Friday, October 14, 2016

Homage Au Bob

Becoming a grand old man of American letters ...

Celebrating the canonization of someone who has long been deified might seem a bit anticlimatctic to those of us who came of age in the era of Bob Dylan, but it's nonetheless welcome. The awarding of the Nobel placed the definitive stamp of history on our favorite troubadour, who is still out there, daily challenging every assumption about him.

In a wonderfully ironic twist, on the evening after the announcement the new laureate was to perform in -- of all places -- Las Vegas. When is the last time you heard Vegas and Nobel Prize in the same paragraph? But surely after all these years such a radical juxtaposition of images is what we should have learned to expect.

And so Dylan has finally become what we always knew he would be, the grand old man of American letters, much as Allen Ginsberg (another Dylan fan) followed in the wake of Walt Whitman. Alas, if only Jack Kerouac had lived so long.

Just last year I wrote about Dylan's latest project, Shadows in the Night, where he put together yet another unorthodox band to give his treatment of material from the American songbook frequented by the likes of Frank Sinatra. And in case you're wondering what he's done more recently, there's a sort of sequel out in the form of Fallen Angels, featuring more of the same material, but with the backup sound tweaked a bit to make it stronger. I'm pretty sure it's safe to say that we'll never catch him putting out consecutive albums that actually match.

What's next? Stay tuned for Blame It On Rio, soon to be released, featuring a song list that hearkens back to the bard's early period of the 60s as recorded live in Brazil in 1990. One's head spins.

Let me just leave you with this final thought, my own perspective on what it's like to have reached this point in my life and have so far to look back...

Remembering Bob

They’re playing Bob Dylan in the bank --
nice cocktail piano bar version,
the Answer is Blowin’ in the Wind --
but as the jazz guys used to say,
it don’t blow, man, it just don’t
make it, you might as well do it
on an accordion like Lawrence Welk,
and I know what it really means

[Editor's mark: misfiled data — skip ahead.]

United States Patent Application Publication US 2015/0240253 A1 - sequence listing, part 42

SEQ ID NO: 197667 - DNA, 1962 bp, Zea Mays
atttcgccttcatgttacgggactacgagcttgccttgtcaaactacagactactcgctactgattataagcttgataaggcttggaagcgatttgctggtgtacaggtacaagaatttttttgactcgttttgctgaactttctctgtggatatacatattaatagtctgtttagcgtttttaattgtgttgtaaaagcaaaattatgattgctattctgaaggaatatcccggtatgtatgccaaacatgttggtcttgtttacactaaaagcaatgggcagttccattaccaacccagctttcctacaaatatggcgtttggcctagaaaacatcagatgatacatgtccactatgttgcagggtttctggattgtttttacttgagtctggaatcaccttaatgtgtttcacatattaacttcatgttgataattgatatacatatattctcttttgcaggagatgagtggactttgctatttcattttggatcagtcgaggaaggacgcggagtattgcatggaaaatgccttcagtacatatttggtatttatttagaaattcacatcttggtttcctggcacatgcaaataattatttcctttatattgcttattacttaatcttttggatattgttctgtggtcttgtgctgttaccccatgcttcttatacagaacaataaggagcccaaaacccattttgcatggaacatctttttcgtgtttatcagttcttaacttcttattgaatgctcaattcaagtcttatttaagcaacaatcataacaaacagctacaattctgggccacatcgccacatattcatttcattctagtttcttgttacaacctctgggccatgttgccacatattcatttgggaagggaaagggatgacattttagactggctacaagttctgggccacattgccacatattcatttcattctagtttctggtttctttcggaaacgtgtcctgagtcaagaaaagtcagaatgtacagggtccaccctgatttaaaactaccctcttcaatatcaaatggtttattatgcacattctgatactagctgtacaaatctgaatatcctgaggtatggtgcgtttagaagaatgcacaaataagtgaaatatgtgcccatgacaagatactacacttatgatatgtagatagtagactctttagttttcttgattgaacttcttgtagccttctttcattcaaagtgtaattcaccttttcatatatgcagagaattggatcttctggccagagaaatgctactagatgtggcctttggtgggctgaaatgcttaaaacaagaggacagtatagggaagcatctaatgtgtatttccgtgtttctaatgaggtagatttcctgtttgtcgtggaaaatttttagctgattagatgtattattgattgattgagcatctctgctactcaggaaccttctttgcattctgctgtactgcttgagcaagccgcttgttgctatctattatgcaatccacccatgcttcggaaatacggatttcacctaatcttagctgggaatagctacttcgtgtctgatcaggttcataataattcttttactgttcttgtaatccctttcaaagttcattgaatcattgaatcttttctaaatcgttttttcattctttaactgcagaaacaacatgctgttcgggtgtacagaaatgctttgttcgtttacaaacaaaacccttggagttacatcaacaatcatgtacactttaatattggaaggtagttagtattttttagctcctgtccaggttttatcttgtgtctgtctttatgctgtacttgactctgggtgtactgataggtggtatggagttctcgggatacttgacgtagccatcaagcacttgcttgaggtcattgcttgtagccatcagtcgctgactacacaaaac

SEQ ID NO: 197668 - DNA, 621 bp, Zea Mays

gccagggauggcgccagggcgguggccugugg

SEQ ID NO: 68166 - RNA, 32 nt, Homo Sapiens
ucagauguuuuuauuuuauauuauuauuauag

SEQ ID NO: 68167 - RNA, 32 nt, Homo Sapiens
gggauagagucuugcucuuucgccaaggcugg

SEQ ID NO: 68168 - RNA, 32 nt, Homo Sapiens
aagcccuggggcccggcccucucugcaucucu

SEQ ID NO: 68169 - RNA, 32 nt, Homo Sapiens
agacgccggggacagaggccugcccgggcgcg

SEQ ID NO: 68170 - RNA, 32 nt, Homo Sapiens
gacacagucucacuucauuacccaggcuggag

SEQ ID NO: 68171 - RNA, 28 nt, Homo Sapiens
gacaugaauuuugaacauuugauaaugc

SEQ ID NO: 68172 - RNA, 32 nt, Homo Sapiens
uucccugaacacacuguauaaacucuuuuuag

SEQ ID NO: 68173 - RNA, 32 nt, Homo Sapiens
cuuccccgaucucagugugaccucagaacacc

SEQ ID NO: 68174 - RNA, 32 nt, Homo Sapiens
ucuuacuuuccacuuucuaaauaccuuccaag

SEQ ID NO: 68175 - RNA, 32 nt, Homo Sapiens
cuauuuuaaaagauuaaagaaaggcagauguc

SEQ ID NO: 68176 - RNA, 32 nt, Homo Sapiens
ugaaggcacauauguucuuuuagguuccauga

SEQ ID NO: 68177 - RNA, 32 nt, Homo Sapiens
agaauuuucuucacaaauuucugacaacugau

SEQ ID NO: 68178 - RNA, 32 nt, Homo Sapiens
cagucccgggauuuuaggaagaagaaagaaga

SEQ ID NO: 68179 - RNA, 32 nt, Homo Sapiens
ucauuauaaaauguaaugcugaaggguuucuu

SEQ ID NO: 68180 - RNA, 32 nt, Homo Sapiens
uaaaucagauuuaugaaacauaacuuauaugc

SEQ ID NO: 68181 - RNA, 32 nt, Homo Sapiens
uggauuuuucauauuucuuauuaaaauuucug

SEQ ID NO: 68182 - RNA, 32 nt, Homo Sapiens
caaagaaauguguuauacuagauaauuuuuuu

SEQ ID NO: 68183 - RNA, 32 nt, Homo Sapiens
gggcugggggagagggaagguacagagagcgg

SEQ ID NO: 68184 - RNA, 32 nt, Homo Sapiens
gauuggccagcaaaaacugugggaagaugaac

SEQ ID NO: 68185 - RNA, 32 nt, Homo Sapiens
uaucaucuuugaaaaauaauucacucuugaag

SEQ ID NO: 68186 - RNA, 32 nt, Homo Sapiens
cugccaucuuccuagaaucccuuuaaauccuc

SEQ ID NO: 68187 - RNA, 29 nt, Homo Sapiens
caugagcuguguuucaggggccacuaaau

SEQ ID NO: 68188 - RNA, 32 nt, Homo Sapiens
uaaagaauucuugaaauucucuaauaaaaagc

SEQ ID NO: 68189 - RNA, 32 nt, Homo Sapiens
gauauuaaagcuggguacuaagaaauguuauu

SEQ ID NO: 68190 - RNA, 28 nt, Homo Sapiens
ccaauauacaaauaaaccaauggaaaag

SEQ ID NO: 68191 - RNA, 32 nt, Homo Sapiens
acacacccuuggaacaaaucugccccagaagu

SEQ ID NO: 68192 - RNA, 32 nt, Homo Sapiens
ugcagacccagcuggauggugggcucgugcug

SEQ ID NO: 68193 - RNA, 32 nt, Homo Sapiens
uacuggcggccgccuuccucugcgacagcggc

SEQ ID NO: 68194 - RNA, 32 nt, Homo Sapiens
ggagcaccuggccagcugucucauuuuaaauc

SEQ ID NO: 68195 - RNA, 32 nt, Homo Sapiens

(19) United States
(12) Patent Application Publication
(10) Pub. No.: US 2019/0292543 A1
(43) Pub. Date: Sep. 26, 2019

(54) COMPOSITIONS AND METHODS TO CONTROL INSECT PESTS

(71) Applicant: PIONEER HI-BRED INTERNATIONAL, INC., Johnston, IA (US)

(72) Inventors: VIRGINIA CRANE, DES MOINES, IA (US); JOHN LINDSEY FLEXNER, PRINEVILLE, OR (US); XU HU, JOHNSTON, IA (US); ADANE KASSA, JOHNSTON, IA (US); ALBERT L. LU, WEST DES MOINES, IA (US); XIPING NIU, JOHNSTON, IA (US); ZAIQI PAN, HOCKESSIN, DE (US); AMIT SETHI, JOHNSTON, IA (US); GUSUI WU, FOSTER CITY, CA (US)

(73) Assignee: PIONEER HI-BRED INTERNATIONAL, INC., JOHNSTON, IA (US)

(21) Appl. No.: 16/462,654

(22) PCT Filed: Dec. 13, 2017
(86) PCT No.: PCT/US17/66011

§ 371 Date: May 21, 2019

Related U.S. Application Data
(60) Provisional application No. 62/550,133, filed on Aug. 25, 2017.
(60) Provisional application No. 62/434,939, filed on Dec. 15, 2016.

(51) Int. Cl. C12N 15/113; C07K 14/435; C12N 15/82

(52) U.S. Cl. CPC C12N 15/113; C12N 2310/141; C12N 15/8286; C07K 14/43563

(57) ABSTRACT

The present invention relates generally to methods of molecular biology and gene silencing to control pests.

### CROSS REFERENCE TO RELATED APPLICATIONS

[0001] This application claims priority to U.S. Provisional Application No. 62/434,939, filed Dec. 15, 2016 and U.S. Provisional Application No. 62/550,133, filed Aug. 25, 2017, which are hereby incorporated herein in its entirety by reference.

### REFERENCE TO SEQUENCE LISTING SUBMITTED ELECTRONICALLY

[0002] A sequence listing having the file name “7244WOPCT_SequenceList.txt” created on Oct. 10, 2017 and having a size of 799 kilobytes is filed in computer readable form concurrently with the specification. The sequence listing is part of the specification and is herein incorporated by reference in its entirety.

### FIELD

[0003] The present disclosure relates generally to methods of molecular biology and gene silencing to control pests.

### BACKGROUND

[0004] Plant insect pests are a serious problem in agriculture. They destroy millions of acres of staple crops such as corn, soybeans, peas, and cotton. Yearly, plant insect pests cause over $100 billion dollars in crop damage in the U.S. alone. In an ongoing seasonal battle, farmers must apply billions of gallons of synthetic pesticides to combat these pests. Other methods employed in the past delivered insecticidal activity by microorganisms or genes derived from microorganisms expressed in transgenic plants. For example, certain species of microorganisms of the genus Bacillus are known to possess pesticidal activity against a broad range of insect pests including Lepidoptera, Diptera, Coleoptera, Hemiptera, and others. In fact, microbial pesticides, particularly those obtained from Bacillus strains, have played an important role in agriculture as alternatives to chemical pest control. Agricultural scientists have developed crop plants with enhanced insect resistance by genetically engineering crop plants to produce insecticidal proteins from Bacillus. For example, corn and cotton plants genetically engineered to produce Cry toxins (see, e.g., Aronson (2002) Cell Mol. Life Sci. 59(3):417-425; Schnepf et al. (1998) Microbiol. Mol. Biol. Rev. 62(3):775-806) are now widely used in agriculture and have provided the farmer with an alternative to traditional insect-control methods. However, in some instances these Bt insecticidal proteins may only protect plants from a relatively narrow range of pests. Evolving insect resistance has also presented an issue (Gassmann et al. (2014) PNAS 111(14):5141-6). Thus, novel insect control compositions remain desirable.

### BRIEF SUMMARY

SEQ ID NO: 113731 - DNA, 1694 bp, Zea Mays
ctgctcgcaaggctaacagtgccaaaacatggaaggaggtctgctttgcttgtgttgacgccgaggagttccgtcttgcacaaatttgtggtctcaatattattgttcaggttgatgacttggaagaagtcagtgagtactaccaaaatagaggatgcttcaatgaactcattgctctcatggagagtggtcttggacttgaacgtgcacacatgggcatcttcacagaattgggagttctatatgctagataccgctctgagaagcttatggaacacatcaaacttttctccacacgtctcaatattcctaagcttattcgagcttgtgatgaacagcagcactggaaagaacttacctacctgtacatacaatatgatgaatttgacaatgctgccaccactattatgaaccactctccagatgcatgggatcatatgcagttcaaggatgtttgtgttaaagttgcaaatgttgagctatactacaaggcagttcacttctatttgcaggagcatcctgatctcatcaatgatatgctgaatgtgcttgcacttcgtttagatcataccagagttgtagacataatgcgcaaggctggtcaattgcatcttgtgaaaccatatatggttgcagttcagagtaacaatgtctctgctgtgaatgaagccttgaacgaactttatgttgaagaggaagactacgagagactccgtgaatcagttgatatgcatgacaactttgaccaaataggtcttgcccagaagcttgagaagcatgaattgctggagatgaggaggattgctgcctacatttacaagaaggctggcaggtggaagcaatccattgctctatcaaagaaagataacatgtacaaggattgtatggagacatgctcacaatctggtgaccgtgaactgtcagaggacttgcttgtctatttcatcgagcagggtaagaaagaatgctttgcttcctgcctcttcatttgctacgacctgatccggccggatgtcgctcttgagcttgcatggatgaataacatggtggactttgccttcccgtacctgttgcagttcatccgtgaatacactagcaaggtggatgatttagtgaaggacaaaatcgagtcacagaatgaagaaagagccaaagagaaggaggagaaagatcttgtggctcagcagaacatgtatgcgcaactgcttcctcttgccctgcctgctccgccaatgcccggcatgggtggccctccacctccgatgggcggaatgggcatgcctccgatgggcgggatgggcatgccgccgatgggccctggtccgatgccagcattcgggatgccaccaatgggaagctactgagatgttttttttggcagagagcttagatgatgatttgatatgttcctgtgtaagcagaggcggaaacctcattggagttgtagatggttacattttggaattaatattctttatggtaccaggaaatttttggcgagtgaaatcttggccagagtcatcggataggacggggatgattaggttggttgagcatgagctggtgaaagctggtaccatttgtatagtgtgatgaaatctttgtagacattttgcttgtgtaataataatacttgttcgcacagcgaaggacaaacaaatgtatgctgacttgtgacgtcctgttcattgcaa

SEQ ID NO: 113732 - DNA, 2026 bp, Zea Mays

is we blew it. No matter how many roads
we walked down the answer never came,
Baby Blue, and it’s all over now.

Down at the mall it’s 101 Strings
doing Mr. Tambourine Man --
will you play a song for me?
Will you make me a new one, one for now,
grab me again with your rusted iron voice
in the jingle jangle evening of the soul?
But Oh! Mama! it’s a Nelson Riddle medley:
The Times They Are A-Changin’
and a Hard Rain’s a-gonna fall.

Saturday, June 25, 2016

No Br-Exit

Time for another modest proposal…

So Britons have Brexited, and all hell is breaking loose. My thoughts are with you 48% of UK voters who have had your EU citizenship canceled without your consent, with no way back in. What’s a person to do? But never fear, I have a modest proposal for you.

Of course, for some of you, there are actions to be taken. Scotland may vote its independence in order to join the EU on its own, finally achieving the lasting European alliance it has searched for after centuries of struggle against its long time foe to the south. And in Ireland the unthinkable may happen as the North re-unifies with the South to form a free and monolithic Irish state (within the EU) -- again, after centuries of struggle against the imperious English. This could be the biggest thing since the re-unification of Germany. I hear some of you in England are even trying to get Irish passports.

Dire consequences are being predicted for the remainder of poor old England (and poor old Wales, seemingly too wedded to the status quo to contemplate divorce). The pound crashes, poverty ensues, and the brain drain commences as the young and cosmopolitan intelligentsia flees for distant shores in search of greener pastures.

It’s easy to imagine a shift in public opinion if the worst occurs, but it will be too late. After causing all this disturbance, England will not be welcomed back to the EU fold in the imaginable future. Not to mention, if they have started a trend and the whole alliance unravels, there may not be an EU to come back to. Now what’s an entire country to do?

Here’s my proposal. One word: Statehood.

I know this might not sit well with some, including the Monarchy, but England has a big resource to fall back on in the form of its former colonies across the water. We’ve got money, a kick-ass army, a space program, Hollywood, the Internet, and -- if truth be told -- a global empire. Wouldn’t you love to be part of that?

True, you might have to give up a few things, such as socialized medicine. But according to us, that was bad for you anyway. You’ll just have to learn to pay up when you get sick. And there’s a language barrier to be overcome, but in time you might learn the proper distinction between football and soccer. We can agree on “fridge,” but “tele” is not negotiable. It’s clearly TV.

So, with these hurdles out of the way, the path is clear for England to apply for statehood in the US of A -- which brings us to one final obstacle. As with any merger between giant multinational corporations, there’s a name and identity crisis to deal with. What’s the new combined entity to be called?